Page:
• How did rightist and center-right parties fit into post war Western and Eastern Europe?
  • Describe the events that led to the division of Germany
  • What was the Marshall plan and how did it impact European recovery in the West and the East?
  • What impact did the Yalta agreement have on post war Europe?
  • How did the experience of the Russian revolution and civil war influence Stalin’s view of Western Europe and the United States?
  • In what ways did the Western allies and Stalin attempt to avoid the major mistakes of the Versailles Treaty?
  • Who were George Kennan and William Averell Harriman and how did they impact the post war European recovery and development?
  • What was the Bretton Woods system, how did it attempt to prevent problems from the past and why was it controversial?
  • Compare and Contrast this statement about American intentions and attitudes after World War II with the American intentions and attitudes after World War I: If it is possible to speak of a coherent US strategy spanning the years 1944– 47 it would be this: reach a continental European settlement with Stalin; pressure Britain to abandon its overseas empire and embrace open trade and sterling convertibility; and withdraw from Europe with all due speed. 
  • Compare and Contrast the motivations and intentions of Britain after World War I and after World War II
  • How was France and central player in the post war European balance of power and how did this impact the West and the Russian Empire? 
  • What role did Berlin play in post war Europe? 

Primary Sources

Articles and Resources

 

Chapter 3: The Rehabilitation of Europe :: Postwar: A History of Europe Since 1945 by Tony Judt 

Thought Questions

  • What “opportunities” did World War II bring to divided Europe?
  • What role did the Nazi occupation resistance play in the immediate post war period of Western and Eastern Europe?
  • How did the expectations of the United States and the intentions of the Soviet Union effect the post war period in Europe?
  • What role did central planning take in Western Europe?
  • What role did imperial planning take in Eastern Europe? 
  • How did World War II effect the role and public expectation of government in Western Europe?
  • What did Thomas Carlyle mean when writing: “if something be not done, something will do itself one day, and in a fashion that will please nobody.”
  • What were the basic assumptions and expectations of the bourgeois (conservative) socialism in post war Western Europe? How did this build on the positive legacies of Bismarckian Germany and Wiemar Germany?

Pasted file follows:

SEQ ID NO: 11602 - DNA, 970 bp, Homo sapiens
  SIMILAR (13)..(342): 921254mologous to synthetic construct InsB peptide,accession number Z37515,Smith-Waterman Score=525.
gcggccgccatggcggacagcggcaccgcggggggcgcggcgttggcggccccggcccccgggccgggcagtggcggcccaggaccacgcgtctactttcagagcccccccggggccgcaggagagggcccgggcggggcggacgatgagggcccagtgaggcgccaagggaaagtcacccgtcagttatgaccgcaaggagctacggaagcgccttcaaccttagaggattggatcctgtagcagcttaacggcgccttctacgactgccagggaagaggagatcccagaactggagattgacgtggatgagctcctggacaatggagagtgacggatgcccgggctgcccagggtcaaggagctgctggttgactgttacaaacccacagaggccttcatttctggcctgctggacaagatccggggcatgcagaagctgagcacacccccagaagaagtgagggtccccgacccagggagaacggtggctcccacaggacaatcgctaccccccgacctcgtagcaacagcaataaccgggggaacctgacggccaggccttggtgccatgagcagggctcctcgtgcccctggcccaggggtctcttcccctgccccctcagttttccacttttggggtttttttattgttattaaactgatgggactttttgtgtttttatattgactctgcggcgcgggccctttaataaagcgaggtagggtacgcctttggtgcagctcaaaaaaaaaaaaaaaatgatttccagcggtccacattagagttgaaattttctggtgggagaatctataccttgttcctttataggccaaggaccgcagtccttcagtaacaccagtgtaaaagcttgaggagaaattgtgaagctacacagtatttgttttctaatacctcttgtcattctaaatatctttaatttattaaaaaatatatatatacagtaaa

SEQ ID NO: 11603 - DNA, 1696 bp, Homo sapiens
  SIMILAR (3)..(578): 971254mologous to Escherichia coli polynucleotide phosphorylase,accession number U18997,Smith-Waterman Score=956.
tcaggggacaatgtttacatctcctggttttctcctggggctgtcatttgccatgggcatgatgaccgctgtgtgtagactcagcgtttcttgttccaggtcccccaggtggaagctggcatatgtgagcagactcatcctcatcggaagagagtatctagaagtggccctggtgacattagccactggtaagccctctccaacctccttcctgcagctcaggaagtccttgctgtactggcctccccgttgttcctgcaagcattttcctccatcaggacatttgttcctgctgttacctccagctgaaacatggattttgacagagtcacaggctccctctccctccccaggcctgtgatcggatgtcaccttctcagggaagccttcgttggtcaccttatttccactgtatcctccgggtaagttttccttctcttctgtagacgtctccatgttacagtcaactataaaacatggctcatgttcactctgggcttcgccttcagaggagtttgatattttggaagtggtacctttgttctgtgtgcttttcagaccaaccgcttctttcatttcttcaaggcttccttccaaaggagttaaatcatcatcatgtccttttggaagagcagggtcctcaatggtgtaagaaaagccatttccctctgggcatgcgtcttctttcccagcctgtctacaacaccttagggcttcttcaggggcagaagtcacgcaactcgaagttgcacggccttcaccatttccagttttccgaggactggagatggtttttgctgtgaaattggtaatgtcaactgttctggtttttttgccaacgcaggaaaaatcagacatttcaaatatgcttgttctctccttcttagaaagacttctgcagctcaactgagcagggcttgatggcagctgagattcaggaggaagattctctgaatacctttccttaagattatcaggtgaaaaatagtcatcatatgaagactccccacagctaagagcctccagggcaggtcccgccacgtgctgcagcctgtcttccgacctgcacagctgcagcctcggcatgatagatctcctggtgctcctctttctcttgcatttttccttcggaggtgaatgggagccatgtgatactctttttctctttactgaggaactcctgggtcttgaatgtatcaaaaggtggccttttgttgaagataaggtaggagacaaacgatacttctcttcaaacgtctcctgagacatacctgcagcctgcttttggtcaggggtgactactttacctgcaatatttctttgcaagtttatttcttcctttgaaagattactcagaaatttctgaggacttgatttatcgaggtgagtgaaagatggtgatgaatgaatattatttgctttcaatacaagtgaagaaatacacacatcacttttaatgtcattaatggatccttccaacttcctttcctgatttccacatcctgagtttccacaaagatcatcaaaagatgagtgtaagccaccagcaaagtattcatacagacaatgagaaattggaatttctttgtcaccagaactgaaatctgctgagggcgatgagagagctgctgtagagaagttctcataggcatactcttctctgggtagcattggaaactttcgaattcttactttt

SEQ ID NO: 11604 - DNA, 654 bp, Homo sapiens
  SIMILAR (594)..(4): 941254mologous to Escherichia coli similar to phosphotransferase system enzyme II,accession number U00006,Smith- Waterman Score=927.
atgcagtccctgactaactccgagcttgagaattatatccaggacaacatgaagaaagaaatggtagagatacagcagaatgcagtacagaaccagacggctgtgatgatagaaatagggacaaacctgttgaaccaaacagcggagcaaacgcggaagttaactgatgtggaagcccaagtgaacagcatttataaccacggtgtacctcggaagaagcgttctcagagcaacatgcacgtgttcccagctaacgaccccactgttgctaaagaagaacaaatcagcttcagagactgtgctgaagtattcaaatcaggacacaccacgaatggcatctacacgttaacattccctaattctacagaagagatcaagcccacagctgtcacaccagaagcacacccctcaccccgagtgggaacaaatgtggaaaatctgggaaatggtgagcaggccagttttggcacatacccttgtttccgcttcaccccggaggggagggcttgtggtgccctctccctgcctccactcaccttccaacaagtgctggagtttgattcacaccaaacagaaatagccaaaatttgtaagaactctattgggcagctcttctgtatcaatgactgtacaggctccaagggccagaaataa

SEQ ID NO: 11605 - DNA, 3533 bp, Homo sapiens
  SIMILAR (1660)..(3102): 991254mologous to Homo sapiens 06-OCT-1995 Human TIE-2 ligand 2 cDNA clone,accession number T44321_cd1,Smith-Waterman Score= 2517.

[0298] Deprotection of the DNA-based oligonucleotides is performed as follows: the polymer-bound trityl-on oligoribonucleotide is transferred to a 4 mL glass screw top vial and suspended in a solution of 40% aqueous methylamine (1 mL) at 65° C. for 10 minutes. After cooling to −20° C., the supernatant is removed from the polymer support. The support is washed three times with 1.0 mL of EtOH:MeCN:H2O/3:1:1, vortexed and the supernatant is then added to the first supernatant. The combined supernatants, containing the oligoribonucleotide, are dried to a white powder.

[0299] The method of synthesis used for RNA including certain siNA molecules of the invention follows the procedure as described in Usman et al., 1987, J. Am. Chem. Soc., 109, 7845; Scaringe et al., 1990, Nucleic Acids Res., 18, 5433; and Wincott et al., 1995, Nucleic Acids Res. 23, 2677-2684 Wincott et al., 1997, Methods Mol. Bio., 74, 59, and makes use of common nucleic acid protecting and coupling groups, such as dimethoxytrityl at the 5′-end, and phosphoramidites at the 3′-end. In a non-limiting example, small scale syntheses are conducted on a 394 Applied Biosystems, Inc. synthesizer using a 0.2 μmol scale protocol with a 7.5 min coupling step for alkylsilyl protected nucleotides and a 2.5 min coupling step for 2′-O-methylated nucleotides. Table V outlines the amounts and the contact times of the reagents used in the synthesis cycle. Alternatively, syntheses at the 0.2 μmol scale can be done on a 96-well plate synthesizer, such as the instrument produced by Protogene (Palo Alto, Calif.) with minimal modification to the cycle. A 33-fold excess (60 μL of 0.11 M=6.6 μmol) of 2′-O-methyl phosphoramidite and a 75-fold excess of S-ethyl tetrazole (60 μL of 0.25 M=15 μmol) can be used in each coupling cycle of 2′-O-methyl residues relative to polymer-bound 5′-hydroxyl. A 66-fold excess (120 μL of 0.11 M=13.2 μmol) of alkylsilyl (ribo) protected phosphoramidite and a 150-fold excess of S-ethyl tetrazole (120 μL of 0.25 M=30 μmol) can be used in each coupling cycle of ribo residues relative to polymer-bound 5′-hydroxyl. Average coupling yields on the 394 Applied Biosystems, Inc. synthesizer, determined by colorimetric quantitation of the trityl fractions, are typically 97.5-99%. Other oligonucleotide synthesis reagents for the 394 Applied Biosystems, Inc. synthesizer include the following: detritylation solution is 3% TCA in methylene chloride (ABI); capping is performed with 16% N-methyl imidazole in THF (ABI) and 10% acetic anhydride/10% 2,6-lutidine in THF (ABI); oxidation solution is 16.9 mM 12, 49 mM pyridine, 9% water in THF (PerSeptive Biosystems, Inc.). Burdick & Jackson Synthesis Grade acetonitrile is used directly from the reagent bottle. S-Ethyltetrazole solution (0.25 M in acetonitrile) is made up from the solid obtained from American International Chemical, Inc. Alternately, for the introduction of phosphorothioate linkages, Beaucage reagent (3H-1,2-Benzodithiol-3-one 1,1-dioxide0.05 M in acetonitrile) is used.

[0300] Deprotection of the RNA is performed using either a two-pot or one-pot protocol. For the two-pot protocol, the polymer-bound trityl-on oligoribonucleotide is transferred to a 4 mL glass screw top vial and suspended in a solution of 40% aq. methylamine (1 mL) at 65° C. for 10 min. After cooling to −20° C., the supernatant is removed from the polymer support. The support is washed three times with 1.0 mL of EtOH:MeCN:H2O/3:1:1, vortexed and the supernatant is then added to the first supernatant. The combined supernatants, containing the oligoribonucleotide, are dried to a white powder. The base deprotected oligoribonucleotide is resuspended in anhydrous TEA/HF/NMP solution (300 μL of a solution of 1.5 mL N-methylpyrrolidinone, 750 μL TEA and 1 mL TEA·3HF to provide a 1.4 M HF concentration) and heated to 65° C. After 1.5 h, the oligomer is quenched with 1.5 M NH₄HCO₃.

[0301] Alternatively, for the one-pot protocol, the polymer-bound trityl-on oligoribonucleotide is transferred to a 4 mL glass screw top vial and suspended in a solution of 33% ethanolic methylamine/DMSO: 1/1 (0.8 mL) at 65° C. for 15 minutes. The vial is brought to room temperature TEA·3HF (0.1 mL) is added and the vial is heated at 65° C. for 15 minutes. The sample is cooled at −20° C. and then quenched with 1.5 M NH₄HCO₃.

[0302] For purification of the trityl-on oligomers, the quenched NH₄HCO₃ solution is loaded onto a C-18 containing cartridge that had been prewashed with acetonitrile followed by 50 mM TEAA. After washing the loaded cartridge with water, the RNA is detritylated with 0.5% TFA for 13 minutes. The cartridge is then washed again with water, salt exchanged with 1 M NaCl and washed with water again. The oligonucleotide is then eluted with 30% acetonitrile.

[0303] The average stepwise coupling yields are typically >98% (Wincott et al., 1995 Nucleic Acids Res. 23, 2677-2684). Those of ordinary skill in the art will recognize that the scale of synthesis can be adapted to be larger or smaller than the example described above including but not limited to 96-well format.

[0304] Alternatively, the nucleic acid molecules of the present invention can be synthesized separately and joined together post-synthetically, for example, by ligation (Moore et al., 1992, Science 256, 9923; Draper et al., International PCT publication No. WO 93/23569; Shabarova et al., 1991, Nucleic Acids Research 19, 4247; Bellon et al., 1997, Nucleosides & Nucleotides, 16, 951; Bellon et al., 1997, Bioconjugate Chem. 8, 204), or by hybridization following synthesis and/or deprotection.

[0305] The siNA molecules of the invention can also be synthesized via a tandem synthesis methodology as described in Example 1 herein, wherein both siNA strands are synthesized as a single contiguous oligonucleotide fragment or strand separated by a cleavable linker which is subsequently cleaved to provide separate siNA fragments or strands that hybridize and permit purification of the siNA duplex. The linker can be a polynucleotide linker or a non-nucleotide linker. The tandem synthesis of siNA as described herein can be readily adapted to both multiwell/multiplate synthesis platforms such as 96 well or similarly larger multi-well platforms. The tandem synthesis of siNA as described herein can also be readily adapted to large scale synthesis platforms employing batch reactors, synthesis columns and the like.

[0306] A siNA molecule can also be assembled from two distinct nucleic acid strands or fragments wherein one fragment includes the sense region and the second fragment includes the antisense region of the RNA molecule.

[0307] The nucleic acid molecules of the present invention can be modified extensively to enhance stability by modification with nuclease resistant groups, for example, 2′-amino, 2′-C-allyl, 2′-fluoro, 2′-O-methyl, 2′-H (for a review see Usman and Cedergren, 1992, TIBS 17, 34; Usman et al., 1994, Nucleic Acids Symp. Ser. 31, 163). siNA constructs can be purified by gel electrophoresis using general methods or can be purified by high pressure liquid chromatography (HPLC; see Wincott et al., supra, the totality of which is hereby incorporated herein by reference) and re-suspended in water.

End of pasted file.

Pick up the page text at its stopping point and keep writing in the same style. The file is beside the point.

• How did bourgeois (conservative) socialism evolve out of the post war condition?
  • How did agrarian reform unfold in post war Europe? 
  • What were the European Christian Democratic and Social Democratic parties? What legacies did they carry from pre-World War and Interwar Europe?
  • In what ways were the neutral nations who did not directly participate in World War II change in post war Europe?
  • What role did the Marshall Aid Plan play in post war Western Europe?
  • Why were Greece and Turkey significant to post war Western Europe?
  • How successful was the economic recovery process in Western and Eastern Europe? 

Response / Thought Quotes

  • “Out of this came the oddly optimistic mood upon which many observers remarked in the immediate aftermath of Liberation. In spite of the destitution all around indeed, because of it something new and better was bound to emerge. ‘None of us’ wrote the editors of the Italian review Società in November 1945, ‘recognizes his own past. It seems incomprehensibleto us… Our life today is dominated by a sense of stupor and by an instinctive search for a direction. We are simply disarmed by the facts.’”
  • “if something be not done, something will do itself one day, and in a fashion that will please nobody.”

 

Chapter 2: Retribution  Postwar: A History of Europe Since 1945 by Tony Judt 

Thought Questions

  • Compare and Contrast the immediate post war purge of Nazis and Fascist collaborators in Eastern, Central and Western Europe
  • Compare and Contrast the post war treatment of Nazis and Fascist collaborators by the Anglo-Americans and the Soviets
  • What special circumstances impacted the treatment of Fascist collaborators in nations such as Italy and Hungary who allied with Nazi Germany?
  • What special circumstances impacted the treatment of Fascist collaborators in nations such France and Norway that were occupied and run by native Fascist governments
  • What special circumstances impacted the treatment of Fascist collaborators in nations such Poland and the Czech lands that were occupied and run by imposed Fascist governments
  • What special circumstances impacted the treatment of Fascist collaborators in Denmark, Russia (pre-Barbarosa)?
  • What special circumstances impacted the treatment of Fascists in Austria and Germany? 

Response / Thought Quotes

  • “Without such collective amnesia, Europe’s astonishing post-war recovery would not have been possible. To be sure, much was put out of mind that would subsequently return in discomforting ways. But only much later would it become clear just how much post-war Europe rested on foundation myths that would fracture and shift with the passage of years.”